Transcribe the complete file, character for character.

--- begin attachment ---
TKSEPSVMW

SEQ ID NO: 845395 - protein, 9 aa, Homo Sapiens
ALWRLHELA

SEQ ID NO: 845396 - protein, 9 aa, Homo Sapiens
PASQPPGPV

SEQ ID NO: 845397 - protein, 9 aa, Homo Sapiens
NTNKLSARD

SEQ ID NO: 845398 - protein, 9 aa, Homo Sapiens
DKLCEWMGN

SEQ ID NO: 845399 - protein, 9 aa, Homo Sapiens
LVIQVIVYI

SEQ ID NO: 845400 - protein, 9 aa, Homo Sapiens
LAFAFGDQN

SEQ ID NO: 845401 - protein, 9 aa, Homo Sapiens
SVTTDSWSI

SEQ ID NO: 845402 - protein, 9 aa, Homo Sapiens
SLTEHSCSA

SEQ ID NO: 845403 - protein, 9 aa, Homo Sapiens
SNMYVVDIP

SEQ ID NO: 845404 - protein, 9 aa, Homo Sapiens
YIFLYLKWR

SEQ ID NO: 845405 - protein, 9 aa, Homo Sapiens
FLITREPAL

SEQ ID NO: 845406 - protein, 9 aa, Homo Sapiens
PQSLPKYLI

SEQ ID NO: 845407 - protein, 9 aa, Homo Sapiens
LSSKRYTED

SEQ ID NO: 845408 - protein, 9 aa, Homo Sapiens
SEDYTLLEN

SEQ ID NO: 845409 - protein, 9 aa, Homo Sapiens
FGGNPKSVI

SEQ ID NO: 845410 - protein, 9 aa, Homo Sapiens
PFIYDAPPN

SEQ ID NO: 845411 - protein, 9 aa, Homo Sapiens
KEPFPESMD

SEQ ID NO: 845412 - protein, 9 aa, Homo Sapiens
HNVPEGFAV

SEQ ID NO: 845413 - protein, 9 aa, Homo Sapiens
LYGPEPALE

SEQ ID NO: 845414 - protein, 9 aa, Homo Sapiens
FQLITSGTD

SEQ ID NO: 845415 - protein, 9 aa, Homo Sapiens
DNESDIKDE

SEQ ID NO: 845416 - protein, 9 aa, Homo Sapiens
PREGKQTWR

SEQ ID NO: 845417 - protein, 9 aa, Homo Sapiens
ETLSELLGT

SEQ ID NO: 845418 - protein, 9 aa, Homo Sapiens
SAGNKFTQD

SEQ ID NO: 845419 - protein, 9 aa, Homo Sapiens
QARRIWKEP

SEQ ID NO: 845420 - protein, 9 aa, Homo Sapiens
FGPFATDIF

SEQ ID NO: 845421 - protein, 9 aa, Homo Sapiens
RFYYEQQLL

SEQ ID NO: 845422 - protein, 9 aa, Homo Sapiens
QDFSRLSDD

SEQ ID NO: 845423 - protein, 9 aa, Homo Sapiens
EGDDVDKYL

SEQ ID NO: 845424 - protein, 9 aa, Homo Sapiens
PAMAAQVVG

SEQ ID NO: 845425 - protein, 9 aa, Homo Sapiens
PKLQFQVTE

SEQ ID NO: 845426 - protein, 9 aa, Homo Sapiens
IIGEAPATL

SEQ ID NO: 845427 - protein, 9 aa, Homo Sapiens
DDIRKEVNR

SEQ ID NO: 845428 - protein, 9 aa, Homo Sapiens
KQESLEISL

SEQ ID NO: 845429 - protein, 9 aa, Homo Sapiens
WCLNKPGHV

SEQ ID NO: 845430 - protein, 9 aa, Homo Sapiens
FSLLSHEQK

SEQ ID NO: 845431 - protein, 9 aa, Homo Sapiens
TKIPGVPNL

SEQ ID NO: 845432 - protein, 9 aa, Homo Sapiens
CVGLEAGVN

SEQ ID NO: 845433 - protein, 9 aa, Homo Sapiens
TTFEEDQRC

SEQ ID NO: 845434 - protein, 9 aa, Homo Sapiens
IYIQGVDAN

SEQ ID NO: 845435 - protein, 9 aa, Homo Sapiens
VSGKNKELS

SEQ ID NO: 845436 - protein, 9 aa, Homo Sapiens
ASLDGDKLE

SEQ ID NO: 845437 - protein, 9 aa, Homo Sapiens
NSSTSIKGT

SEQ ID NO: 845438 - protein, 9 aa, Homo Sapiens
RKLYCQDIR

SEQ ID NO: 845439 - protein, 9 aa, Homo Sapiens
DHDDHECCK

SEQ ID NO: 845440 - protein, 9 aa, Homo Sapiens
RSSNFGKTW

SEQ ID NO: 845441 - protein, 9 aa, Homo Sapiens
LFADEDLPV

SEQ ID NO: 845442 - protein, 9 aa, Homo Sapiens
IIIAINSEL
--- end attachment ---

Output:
TKSEPSVMW

SEQ ID NO: 845395 - protein, 9 aa, Homo Sapiens
ALWRLHELA

SEQ ID NO: 845396 - protein, 9 aa, Homo Sapiens
PASQPPGPV

SEQ ID NO: 845397 - protein, 9 aa, Homo Sapiens
NTNKLSARD

SEQ ID NO: 845398 - protein, 9 aa, Homo Sapiens
DKLCEWMGN

SEQ ID NO: 845399 - protein, 9 aa, Homo Sapiens
LVIQVIVYI

SEQ ID NO: 845400 - protein, 9 aa, Homo Sapiens
LAFAFGDQN

SEQ ID NO: 845401 - protein, 9 aa, Homo Sapiens
SVTTDSWSI

SEQ ID NO: 845402 - protein, 9 aa, Homo Sapiens
SLTEHSCSA

SEQ ID NO: 845403 - protein, 9 aa, Homo Sapiens
SNMYVVDIP

SEQ ID NO: 845404 - protein, 9 aa, Homo Sapiens
YIFLYLKWR

SEQ ID NO: 845405 - protein, 9 aa, Homo Sapiens
FLITREPAL

SEQ ID NO: 845406 - protein, 9 aa, Homo Sapiens
PQSLPKYLI

SEQ ID NO: 845407 - protein, 9 aa, Homo Sapiens
LSSKRYTED

SEQ ID NO: 845408 - protein, 9 aa, Homo Sapiens
SEDYTLLEN

SEQ ID NO: 845409 - protein, 9 aa, Homo Sapiens
FGGNPKSVI

SEQ ID NO: 845410 - protein, 9 aa, Homo Sapiens
PFIYDAPPN

SEQ ID NO: 845411 - protein, 9 aa, Homo Sapiens
KEPFPESMD

SEQ ID NO: 845412 - protein, 9 aa, Homo Sapiens
HNVPEGFAV

SEQ ID NO: 845413 - protein, 9 aa, Homo Sapiens
LYGPEPALE

SEQ ID NO: 845414 - protein, 9 aa, Homo Sapiens
FQLITSGTD

SEQ ID NO: 845415 - protein, 9 aa, Homo Sapiens
DNESDIKDE

SEQ ID NO: 845416 - protein, 9 aa, Homo Sapiens
PREGKQTWR

SEQ ID NO: 845417 - protein, 9 aa, Homo Sapiens
ETLSELLGT

SEQ ID NO: 845418 - protein, 9 aa, Homo Sapiens
SAGNKFTQD

SEQ ID NO: 845419 - protein, 9 aa, Homo Sapiens
QARRIWKEP

SEQ ID NO: 845420 - protein, 9 aa, Homo Sapiens
FGPFATDIF

SEQ ID NO: 845421 - protein, 9 aa, Homo Sapiens
RFYYEQQLL

SEQ ID NO: 845422 - protein, 9 aa, Homo Sapiens
QDFSRLSDD

SEQ ID NO: 845423 - protein, 9 aa, Homo Sapiens
EGDDVDKYL

SEQ ID NO: 845424 - protein, 9 aa, Homo Sapiens
PAMAAQVVG

SEQ ID NO: 845425 - protein, 9 aa, Homo Sapiens
PKLQFQVTE

SEQ ID NO: 845426 - protein, 9 aa, Homo Sapiens
IIGEAPATL

SEQ ID NO: 845427 - protein, 9 aa, Homo Sapiens
DDIRKEVNR

SEQ ID NO: 845428 - protein, 9 aa, Homo Sapiens
KQESLEISL

SEQ ID NO: 845429 - protein, 9 aa, Homo Sapiens
WCLNKPGHV

SEQ ID NO: 845430 - protein, 9 aa, Homo Sapiens
FSLLSHEQK

SEQ ID NO: 845431 - protein, 9 aa, Homo Sapiens
TKIPGVPNL

SEQ ID NO: 845432 - protein, 9 aa, Homo Sapiens
CVGLEAGVN

SEQ ID NO: 845433 - protein, 9 aa, Homo Sapiens
TTFEEDQRC

SEQ ID NO: 845434 - protein, 9 aa, Homo Sapiens
IYIQGVDAN

SEQ ID NO: 845435 - protein, 9 aa, Homo Sapiens
VSGKNKELS

SEQ ID NO: 845436 - protein, 9 aa, Homo Sapiens
ASLDGDKLE

SEQ ID NO: 845437 - protein, 9 aa, Homo Sapiens
NSSTSIKGT

SEQ ID NO: 845438 - protein, 9 aa, Homo Sapiens
RKLYCQDIR

SEQ ID NO: 845439 - protein, 9 aa, Homo Sapiens
DHDDHECCK

SEQ ID NO: 845440 - protein, 9 aa, Homo Sapiens
RSSNFGKTW

SEQ ID NO: 845441 - protein, 9 aa, Homo Sapiens
LFADEDLPV

SEQ ID NO: 845442 - protein, 9 aa, Homo Sapiens
IIIAINSEL